But when I got the chance to start working full time at my other job, the one that aligns increasingly well with my professional history and career goals, I took it very quickly.
As is normal with decision making, I had about two seconds of pure clarity and certainty, but in the moment after I accepted, doubts rushed in to cover my sunny outlook. But I went ahead, based on those moments of clarity.
For seven months, I worked 6 days a week in two different jobs, one of which required 2 hours of transit to get to and from Milano for just two hours of work a day. And, in case you didn’t know, teaching is exhausting. Turns out so is adjusting to working at home, learning how to work on an international team, navigate a new organization. Also, planning your wedding from a different continent. Working crazy hours is nothing new for me. I have taken a certain amount of pride in how much I manage to do in a week, and where that willingness to burn the midnight oil has gotten me.
Those months were really hard, though. When I’m realistic with myself I can recognize that it wasn’t just a lot of work to do two completely different jobs in totally new environments, but I am also living in a new country, existing in a different language, planning two weddings, and it has just been confirmed to me that I had mononucleosis sometime back in February (I did have an abnormally hard time getting out of bed in the mornings for a bit there…), and I just kept going.
So yeah, It was good to quit that job.
Until it kind of wasn’t.
Here is one piece of life truth I’ve learned: Transitions always suck. Even when you know they’re coming. Even when they’re something you’ve looked forward to. Even when the change of routine is ultimately for the best. Even when you buy running shoes and make an effort to get out there and pump some endorphins through your body every few days (something I should have done a LONG time ago in this process). Even when you download mediation apps. Even when you know how to take pretty good care of yourself.
Sometimes we just have to get through some rough days. The sorts of days when we honestly don’t see how we’ll get over to the other side with a clear outlook, so we watch Netflix and go to bed early. Sometimes you just need to dive into those ikky, uncomfortable emotions in order to walk through them.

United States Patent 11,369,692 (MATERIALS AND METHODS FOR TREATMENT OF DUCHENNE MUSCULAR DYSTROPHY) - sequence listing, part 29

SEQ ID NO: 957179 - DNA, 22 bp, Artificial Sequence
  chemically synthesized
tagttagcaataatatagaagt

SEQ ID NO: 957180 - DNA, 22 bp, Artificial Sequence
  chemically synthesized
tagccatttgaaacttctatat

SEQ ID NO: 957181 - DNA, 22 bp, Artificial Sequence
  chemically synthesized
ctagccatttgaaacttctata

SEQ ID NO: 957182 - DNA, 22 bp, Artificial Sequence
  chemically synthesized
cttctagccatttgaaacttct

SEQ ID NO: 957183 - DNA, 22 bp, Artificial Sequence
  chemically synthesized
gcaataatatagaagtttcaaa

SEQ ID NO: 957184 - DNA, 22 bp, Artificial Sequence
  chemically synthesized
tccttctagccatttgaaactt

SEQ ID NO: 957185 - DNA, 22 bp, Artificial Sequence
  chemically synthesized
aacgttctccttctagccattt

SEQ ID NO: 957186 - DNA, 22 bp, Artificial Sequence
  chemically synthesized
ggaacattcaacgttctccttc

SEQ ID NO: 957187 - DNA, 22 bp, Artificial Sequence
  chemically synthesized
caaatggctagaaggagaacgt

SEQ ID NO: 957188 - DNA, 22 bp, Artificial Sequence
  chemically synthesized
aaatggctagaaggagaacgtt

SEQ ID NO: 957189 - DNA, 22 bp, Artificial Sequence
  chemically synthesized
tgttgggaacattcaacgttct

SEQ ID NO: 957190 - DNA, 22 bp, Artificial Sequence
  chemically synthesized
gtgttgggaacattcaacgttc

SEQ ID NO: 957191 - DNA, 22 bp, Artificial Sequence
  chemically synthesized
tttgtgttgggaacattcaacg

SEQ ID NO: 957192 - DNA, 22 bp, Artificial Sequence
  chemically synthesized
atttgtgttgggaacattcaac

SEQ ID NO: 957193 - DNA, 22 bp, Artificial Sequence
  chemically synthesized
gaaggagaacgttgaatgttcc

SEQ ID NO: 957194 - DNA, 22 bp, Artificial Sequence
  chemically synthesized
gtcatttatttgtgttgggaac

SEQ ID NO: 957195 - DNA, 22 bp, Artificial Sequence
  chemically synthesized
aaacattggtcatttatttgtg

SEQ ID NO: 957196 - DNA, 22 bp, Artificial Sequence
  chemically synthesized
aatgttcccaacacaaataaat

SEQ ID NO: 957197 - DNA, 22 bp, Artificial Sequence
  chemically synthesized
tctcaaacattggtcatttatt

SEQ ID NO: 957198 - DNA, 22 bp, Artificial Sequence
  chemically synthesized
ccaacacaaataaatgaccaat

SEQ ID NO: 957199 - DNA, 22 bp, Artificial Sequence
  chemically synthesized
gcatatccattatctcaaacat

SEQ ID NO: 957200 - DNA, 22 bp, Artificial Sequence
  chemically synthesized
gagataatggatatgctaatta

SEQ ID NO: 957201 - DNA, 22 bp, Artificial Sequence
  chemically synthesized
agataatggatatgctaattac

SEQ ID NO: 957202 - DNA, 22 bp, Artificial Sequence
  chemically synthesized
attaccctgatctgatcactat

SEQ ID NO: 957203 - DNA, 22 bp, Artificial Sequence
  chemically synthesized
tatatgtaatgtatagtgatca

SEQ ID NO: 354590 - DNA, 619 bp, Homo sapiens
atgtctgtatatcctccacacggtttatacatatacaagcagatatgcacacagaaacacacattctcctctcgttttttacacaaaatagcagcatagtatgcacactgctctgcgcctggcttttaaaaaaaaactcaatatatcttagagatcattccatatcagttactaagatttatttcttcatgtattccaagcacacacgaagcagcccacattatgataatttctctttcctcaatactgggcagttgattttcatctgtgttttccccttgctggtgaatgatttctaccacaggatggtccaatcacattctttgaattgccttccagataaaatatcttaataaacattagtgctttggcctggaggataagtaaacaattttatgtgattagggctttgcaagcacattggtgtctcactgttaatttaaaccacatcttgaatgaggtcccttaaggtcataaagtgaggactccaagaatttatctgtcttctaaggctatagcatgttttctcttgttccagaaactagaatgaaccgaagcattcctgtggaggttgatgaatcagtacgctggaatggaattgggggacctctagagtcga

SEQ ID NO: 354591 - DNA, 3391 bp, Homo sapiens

And it just sucks for a few days. (Luckily for me, its only ever been a few days at a time).
So, from October until April, I was too busy to think. Then for the month of April, I was recovering, physically and emotionally. A lot of things that I’d been avoiding clamored up to me and joined me on the couch while I tried to distract myself with Netflix.
Now that I have broken into the fabled, mystical world of being a “digital nomad” and work from home, I am always at home. This has forced me to take a good long look at home: this small city in northern Italy, where I don’t know that many people. For the first time in my life, I had the space to realize that I no longer lived with (or even nearby) several girlfriends who I could call upon for a night of wine and The Bachelor. And for the first time since I left California, I had the emotional capacity and stability to hold and mourn that. Or at least begin to mourn that.
I had worked so damn hard to get here, I had to become single minded, focus only on the good, the solutions. When I finally got that flimsy paper in my hand and could be here, well, here I was. Free to cultivate everything I’d ever dreamed of. Love is amazing and life changing and there is no more honorable and vulnerable reason to rip up everything and start over, but I’ve always known it can’t be everything. Cannot sustain and challenge and grow everything we are. We need friends, and work, and creativity for that, too. But there is so much space between following love and establishing all the other things. Space that for me has been filled with moments to clumsily learn grace and keep practicing patience, even though I thought the waiting was over.